The Situation in North Korea

Apr 12, 2013 Issues: National Security

Dear Friend,

I have heard from many of you with questions about the situation in North Korea.

As the Chairwoman of the State and Foreign Operations Appropriations Subcommittee and a senior member of the Defense Appropriations Subcommittee, I have unique access to information and the key decision makers regarding our national security issues. On Wednesday, I met with Admiral Samuel Locklear, the Commander of the U.S. Pacific Command, for a two-hour discussion on the situation in North Korea. While the briefing’s specifics are classified, what is unclassified is that the United States and our allies are ready to defend our homeland if North Korea wages an attack.

As many of you know, the Korean peninsula was divided at the end of World War II with the Soviet Union governing the northern half while we were given jurisdiction over the southern portion. By 1948, new governments were established: the democratic South Korea and communist North Korea. 

The unresolved tensions of the division surfaced in the Korean War of 1950 in which thousands of our brave men and women fought and sacrificed. Although there was a cease-fire in 1953, North Korea and South Korea officially remain at war because a peace treaty was never signed. 28,500 U.S. troops still remain in South Korea.

Over the course of the last few months, North Korea has begun walking an extremely dangerous line. Since December, the country has put an intelligence satellite in orbit, tested a nuclear bomb, and claimed to be ready for pre-emptive nuclear attacks on the U.S. In recent weeks, Kim Jong Un, the Supreme Leader of North Korea, has escalated his provocative rhetoric to an especially alarming level.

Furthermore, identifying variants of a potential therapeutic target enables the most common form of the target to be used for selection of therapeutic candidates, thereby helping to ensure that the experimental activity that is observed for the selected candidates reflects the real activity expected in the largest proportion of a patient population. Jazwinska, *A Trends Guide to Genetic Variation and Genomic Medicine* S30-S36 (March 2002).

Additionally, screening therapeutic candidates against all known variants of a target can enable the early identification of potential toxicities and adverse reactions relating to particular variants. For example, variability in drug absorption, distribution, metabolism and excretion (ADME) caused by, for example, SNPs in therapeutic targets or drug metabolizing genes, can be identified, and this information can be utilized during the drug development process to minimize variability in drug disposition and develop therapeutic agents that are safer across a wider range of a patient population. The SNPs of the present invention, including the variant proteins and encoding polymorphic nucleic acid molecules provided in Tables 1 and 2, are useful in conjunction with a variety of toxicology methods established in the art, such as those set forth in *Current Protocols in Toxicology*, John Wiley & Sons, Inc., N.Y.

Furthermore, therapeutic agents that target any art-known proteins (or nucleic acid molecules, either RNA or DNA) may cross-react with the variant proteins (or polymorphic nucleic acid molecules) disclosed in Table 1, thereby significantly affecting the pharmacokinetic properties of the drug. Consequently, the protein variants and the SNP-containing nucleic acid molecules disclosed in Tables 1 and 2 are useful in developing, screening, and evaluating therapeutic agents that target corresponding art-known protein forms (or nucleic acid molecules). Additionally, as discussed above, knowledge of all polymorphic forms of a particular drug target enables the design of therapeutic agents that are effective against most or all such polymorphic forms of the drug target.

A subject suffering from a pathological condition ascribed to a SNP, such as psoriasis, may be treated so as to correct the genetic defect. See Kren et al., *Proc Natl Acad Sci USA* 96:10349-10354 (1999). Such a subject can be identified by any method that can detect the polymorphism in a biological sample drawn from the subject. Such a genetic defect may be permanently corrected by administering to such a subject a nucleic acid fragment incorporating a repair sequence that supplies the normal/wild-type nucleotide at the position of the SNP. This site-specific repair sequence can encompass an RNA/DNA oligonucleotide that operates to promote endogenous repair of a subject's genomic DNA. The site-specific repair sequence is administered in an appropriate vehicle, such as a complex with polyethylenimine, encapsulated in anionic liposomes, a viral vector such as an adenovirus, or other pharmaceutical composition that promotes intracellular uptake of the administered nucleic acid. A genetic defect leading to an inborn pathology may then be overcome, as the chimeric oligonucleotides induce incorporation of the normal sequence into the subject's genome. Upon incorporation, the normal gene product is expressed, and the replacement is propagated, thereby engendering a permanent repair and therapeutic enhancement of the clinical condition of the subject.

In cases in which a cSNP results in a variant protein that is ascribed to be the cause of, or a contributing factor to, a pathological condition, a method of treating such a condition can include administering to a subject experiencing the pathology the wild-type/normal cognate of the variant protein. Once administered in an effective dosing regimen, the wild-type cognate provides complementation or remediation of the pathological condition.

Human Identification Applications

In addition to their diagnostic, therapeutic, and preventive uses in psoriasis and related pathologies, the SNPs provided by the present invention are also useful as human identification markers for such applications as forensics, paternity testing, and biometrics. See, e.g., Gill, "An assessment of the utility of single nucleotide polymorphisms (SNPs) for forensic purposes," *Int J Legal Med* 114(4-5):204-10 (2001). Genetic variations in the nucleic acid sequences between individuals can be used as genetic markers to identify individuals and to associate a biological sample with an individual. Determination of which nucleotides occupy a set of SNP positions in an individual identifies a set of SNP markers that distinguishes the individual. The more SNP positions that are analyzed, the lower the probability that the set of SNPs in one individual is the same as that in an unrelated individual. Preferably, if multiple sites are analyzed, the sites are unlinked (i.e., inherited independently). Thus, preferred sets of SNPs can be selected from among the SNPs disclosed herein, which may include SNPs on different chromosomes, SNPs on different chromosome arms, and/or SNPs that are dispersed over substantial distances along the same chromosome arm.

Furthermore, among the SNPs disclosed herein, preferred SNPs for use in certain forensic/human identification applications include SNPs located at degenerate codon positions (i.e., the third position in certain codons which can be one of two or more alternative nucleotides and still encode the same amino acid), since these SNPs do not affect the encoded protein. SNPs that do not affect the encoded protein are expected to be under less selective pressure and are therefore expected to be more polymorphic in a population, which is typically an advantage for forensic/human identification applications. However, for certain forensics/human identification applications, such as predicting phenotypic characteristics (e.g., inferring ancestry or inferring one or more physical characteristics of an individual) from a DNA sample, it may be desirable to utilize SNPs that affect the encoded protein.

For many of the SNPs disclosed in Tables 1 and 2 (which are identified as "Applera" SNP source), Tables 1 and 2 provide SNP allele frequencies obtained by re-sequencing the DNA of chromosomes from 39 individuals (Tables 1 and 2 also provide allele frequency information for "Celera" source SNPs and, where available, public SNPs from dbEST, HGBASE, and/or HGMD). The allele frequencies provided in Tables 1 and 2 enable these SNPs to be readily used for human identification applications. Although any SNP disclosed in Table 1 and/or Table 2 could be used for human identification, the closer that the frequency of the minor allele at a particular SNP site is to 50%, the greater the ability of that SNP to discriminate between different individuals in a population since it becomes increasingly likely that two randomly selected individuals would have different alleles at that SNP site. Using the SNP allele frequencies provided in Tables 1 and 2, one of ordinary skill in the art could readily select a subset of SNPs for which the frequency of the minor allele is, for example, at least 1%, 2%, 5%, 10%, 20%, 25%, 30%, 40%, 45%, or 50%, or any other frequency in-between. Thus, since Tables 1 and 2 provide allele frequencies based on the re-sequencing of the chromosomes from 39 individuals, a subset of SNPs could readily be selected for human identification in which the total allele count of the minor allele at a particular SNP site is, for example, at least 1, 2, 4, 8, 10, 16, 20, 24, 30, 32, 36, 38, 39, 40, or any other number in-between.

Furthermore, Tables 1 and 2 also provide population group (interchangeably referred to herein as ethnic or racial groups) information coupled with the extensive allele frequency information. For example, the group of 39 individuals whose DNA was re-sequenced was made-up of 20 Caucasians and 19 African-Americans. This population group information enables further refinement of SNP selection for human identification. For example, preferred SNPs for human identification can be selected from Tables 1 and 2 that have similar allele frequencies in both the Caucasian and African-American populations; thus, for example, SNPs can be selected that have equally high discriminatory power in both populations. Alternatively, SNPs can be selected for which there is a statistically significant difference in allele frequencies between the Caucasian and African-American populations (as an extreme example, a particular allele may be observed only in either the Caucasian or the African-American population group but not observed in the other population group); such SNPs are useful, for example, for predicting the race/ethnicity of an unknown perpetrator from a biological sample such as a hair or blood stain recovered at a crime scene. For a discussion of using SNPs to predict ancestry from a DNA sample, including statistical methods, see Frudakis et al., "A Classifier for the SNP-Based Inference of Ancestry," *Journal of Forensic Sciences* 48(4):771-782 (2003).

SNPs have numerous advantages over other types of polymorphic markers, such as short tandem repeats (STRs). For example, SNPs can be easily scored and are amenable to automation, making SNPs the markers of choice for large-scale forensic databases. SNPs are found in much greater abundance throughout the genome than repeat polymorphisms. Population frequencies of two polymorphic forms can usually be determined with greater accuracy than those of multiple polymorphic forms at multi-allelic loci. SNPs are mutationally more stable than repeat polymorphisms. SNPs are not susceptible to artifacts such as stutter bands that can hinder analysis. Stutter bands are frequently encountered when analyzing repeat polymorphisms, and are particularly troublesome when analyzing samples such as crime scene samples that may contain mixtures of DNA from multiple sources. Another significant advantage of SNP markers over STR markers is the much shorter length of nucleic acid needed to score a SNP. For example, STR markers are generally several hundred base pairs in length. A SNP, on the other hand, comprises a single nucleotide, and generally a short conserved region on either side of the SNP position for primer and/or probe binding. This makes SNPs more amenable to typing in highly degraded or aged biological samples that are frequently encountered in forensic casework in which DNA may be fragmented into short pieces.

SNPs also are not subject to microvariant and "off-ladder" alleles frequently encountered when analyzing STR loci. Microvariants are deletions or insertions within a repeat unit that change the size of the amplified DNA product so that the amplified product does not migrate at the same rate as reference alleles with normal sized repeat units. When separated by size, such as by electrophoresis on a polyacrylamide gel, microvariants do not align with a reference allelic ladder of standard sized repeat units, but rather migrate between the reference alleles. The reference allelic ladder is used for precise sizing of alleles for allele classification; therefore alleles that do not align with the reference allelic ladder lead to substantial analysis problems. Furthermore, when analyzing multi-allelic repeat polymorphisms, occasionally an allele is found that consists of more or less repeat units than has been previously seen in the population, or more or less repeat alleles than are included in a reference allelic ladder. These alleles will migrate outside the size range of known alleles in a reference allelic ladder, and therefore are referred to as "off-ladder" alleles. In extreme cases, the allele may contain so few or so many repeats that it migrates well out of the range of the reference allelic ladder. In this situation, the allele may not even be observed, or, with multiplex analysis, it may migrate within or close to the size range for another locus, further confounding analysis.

I have heard, understand and share the concerns many of you have about this serious situation. Here’s some information that I think will interest you.

Very little is known about Kim Jong Un and how he will operate as a leader. He is young and inexperienced and has already taken more aggressive actions than either his father or grandfather. What is clear is that he wants to prove his strength, and he’s been embarrassed by failures of his military and weaponry in the past.

There is no specific information about the timing of a potential attack or certainty that an attack will occur. There has been some speculation, however, that an attack or missile launch could take place on Monday, April 15, which is the birthday of North Korea’s founder and historically a time when the country puts on dramatic displays of military power to draw the world’s attention.

The United States is ready. In a panel before the U.S. Senate last week, Admiral Locklear stated: “I believe we have the ability to defend the homeland, Guam, Hawaii and defend our allies… We’re ready.”

This is a very serious situation. I will continue to monitor it closely and share any information I can with you. As always, please continue to reach out to my office with your questions and concerns.

Sincerely,

Kay Granger
Member of Congress